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Origin of the Canal

Matthew Gage, an Irish-Canadian immigrant, constructed a 20 mile long irrigation canal after deciding that the Riverside Canal Company in operation at the time was no longer serving the needs of the burgeoning community. He uprooted his family of 6 from Kingsville Ontario, Canada to grow a community and business that would offer a bright future for generations to come. Alongside John W. North and Frank Augustus Miller, he played an instrumental role in founding Riverside based on Christian values. Gage took on the challenge of irrigating Section 30 with the faith that the surrounding land in Riverside provided the opportunities for success.

Gage saw the value of bringing water to un-irrigated areas. Few people thought that a humble jewelry maker such as Gage could bring water to such a dry area, providing the resources for stable agriculture. Once Gage was able to secure a water source from Alfonso Carit’s vast holdings, he had access to the Santa Ana River. He was then tasked with convincing property owners to grant him right-of-way along the 20 miles the canal would be built. His greatest selling point was that water users would become shareholders upon completion of the canal. Some of these families are still shareholders today.

“Gage investigated every possible means of obtaining water to irrigate his land.”

Government land located 2 miles east of Downtown Riverside was considered worthless without water, called Section 30. Matthew Gage obtained a patent to build on the land and was given 3 years to irrigate. He faced challenges in finding a water source, securing shareholders, and finishing the canal on time. This lead to lawsuits and resentment from men who believed Gage should not have that much control over water.

“Artificial irrigation is absolutely necessary for the profitable cultivation of crops on that land.”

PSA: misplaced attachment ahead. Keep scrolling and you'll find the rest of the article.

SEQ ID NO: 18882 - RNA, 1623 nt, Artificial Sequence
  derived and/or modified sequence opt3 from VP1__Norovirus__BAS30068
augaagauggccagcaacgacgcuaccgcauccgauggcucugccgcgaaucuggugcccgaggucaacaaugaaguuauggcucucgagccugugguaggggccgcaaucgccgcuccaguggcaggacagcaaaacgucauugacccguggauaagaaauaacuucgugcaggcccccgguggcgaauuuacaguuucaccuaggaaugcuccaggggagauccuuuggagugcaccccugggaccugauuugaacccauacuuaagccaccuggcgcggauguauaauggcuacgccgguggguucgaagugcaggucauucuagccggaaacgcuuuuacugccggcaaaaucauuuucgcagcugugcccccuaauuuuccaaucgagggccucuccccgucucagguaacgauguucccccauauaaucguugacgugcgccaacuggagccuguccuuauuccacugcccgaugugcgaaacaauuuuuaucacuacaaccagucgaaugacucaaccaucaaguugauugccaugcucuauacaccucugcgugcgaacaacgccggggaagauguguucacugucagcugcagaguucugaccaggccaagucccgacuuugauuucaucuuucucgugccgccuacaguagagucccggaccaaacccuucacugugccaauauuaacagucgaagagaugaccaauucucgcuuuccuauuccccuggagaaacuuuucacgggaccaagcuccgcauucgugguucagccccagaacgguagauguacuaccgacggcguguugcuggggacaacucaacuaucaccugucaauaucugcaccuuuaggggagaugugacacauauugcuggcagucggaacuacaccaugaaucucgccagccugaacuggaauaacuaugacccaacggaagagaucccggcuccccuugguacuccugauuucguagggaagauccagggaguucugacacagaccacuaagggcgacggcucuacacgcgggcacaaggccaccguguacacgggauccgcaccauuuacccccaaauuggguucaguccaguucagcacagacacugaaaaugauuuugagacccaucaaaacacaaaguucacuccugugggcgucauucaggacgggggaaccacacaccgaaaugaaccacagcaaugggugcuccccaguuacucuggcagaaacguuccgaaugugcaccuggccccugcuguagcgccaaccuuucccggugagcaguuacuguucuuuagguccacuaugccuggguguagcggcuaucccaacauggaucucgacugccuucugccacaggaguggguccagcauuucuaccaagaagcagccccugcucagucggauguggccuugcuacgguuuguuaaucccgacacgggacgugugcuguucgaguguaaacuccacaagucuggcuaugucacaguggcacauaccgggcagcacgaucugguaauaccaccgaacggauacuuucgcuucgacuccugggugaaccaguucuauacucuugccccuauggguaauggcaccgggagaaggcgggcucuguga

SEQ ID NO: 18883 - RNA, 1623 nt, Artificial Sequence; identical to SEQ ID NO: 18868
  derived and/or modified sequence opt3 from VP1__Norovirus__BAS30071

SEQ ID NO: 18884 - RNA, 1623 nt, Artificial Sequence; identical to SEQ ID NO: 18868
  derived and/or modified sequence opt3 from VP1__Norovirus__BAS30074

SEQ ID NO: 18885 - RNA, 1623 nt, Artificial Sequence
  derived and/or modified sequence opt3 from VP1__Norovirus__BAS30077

– Matthew Gage

Gage confessed to employing a man of local legend known as “The Water Witch”. Using electrical currents, he would locate hidden water sources before boring and bring the water to the surface.

When dry seasons made water scarce, The Gage Canal Company and the Riverside Canal Company were blamed for stealing the supplies of nearby creeks. Individuals who did not receive water destroyed dams, ditches and flumes. Gage relocated his family to a house he built in Section 30 that sat near Artesian Wells valued at over $250,000. His children would play in the springs and a secured water source protected the family from shortages.

“After all, the things we have accomplished here are known…They must be treasured, not destroyed.”
– Lilla Mylne, Matthew Gage’s niece

By 1900, Riverside was well-known as the “Home of the Naval Orange”. Citrus fruit production began to greatly influence the success or failure of any Riverside household. From banks and merchants to common laborers, everyone was affected by the growth of oranges. Most packinghouses in the county belonged to the local association Riverside Fruit Exchange, who held monthly meetings for workers to share and discuss new developments in citrus technology.

“Some visitors were so pleased…they moved permanently, built impressive homes and took up citrus growing.”

Matthew Gage’s brother, Robert, drew the intricate plans for a flume to irrigate an area named Arlington Heights. It was able to deliver water to thousands of acres overlooking Arlington which promised to be the most desirable residential and agricultural land and is still visible today.